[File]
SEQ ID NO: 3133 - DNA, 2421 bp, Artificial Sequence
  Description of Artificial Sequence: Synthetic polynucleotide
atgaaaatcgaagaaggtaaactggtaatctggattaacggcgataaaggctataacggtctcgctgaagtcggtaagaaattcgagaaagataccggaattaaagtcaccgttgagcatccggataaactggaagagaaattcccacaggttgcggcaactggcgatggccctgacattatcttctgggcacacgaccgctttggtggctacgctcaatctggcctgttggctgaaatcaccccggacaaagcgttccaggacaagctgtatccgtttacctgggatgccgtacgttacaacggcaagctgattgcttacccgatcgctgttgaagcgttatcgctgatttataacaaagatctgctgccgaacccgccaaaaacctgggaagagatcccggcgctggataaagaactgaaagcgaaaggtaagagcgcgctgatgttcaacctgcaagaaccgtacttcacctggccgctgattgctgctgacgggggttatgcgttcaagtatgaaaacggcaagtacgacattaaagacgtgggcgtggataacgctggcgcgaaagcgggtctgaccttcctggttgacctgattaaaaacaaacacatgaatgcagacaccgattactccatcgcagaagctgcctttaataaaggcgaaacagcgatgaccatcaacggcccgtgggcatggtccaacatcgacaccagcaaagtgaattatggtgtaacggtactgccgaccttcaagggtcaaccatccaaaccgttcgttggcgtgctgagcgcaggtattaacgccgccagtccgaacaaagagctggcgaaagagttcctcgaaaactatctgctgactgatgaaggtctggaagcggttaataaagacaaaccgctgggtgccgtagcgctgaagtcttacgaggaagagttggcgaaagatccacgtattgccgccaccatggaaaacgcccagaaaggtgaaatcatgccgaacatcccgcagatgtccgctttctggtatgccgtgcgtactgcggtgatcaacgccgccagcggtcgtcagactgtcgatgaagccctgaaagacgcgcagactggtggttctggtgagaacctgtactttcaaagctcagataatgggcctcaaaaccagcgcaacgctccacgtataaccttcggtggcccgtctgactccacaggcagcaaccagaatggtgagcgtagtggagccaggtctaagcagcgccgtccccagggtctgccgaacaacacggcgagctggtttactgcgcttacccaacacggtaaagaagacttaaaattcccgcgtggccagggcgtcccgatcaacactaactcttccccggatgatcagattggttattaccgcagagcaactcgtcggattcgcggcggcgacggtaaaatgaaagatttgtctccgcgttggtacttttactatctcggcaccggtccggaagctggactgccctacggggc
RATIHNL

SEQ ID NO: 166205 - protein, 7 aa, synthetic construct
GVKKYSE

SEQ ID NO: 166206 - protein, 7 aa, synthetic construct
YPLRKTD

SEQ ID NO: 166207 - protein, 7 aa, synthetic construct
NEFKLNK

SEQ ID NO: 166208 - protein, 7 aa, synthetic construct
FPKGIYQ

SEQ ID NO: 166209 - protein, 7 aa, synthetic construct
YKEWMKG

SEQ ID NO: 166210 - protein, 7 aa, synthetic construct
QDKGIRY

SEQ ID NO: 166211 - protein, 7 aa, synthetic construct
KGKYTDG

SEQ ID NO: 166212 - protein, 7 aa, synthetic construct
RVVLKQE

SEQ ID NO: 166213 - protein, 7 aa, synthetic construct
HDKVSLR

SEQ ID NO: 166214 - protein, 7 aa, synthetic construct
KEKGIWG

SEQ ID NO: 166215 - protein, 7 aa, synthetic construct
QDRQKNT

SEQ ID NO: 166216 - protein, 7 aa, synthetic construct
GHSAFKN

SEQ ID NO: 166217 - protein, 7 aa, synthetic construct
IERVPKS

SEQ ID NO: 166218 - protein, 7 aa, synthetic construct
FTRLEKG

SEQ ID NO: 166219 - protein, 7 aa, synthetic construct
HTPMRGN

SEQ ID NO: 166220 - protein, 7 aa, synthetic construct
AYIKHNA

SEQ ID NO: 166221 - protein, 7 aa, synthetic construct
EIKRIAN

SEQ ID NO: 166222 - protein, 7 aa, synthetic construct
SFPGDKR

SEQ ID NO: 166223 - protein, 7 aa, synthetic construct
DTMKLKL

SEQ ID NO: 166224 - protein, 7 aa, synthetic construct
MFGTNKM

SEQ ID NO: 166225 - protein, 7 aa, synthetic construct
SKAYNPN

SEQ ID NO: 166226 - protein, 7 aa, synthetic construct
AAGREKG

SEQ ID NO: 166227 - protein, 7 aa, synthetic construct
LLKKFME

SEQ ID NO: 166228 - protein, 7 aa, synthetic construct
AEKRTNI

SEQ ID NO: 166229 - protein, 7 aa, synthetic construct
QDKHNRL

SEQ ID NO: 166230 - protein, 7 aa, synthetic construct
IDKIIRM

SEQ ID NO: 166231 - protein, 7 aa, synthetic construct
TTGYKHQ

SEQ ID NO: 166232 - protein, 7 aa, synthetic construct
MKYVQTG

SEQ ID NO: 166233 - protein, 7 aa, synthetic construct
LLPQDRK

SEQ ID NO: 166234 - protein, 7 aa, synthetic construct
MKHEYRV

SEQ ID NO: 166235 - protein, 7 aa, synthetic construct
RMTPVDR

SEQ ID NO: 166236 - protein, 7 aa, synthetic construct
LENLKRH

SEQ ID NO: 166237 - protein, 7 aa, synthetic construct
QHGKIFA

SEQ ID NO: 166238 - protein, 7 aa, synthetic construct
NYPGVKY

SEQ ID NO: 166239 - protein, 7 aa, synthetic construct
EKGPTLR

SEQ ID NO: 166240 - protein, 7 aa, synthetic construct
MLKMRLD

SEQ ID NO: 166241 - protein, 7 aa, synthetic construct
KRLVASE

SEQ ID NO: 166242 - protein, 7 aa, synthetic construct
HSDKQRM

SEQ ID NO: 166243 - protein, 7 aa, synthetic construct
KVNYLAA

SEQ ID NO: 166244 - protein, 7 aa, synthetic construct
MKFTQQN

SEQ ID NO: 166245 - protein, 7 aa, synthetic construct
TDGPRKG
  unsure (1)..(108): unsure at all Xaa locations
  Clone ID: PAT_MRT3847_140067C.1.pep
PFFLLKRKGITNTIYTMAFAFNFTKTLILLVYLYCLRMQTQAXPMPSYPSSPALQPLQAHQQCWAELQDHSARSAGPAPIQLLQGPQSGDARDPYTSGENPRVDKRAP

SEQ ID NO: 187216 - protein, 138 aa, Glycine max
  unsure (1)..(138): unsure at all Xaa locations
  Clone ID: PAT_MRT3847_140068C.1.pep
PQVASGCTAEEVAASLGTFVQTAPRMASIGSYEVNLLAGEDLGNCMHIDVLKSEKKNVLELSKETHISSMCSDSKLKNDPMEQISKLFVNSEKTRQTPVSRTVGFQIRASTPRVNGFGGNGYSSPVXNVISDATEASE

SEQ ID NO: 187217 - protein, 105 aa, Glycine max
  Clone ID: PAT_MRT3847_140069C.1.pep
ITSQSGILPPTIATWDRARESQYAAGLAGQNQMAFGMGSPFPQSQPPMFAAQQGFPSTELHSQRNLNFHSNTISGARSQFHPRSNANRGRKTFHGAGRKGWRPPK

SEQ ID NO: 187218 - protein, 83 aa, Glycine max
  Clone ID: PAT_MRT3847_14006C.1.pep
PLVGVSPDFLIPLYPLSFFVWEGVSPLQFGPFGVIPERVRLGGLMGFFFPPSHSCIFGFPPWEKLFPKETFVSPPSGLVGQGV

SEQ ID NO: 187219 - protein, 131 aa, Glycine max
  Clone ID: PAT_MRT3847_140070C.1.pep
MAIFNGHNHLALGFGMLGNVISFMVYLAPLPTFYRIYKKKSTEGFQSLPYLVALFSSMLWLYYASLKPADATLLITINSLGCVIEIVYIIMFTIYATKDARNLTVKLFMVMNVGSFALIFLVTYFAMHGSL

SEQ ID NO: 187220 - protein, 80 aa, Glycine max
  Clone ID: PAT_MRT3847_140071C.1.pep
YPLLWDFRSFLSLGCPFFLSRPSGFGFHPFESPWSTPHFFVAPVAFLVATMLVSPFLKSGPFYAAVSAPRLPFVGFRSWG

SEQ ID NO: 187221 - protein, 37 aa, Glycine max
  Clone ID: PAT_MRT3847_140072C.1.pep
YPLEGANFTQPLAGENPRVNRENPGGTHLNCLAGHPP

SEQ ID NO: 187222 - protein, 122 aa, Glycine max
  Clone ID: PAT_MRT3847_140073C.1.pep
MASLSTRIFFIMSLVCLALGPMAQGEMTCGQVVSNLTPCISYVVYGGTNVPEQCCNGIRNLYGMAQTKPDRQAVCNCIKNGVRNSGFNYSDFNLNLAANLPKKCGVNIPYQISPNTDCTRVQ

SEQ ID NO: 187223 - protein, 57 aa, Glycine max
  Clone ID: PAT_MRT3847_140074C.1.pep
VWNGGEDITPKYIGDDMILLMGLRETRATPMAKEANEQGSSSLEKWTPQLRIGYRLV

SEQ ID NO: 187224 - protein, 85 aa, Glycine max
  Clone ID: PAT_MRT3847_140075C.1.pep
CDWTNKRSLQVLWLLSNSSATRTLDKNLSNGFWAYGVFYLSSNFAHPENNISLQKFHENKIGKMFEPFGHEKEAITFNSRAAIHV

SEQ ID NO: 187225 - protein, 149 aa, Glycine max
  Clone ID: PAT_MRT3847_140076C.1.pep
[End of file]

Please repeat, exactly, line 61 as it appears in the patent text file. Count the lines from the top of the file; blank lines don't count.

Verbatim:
SEQ ID NO: 166233 - protein, 7 aa, synthetic construct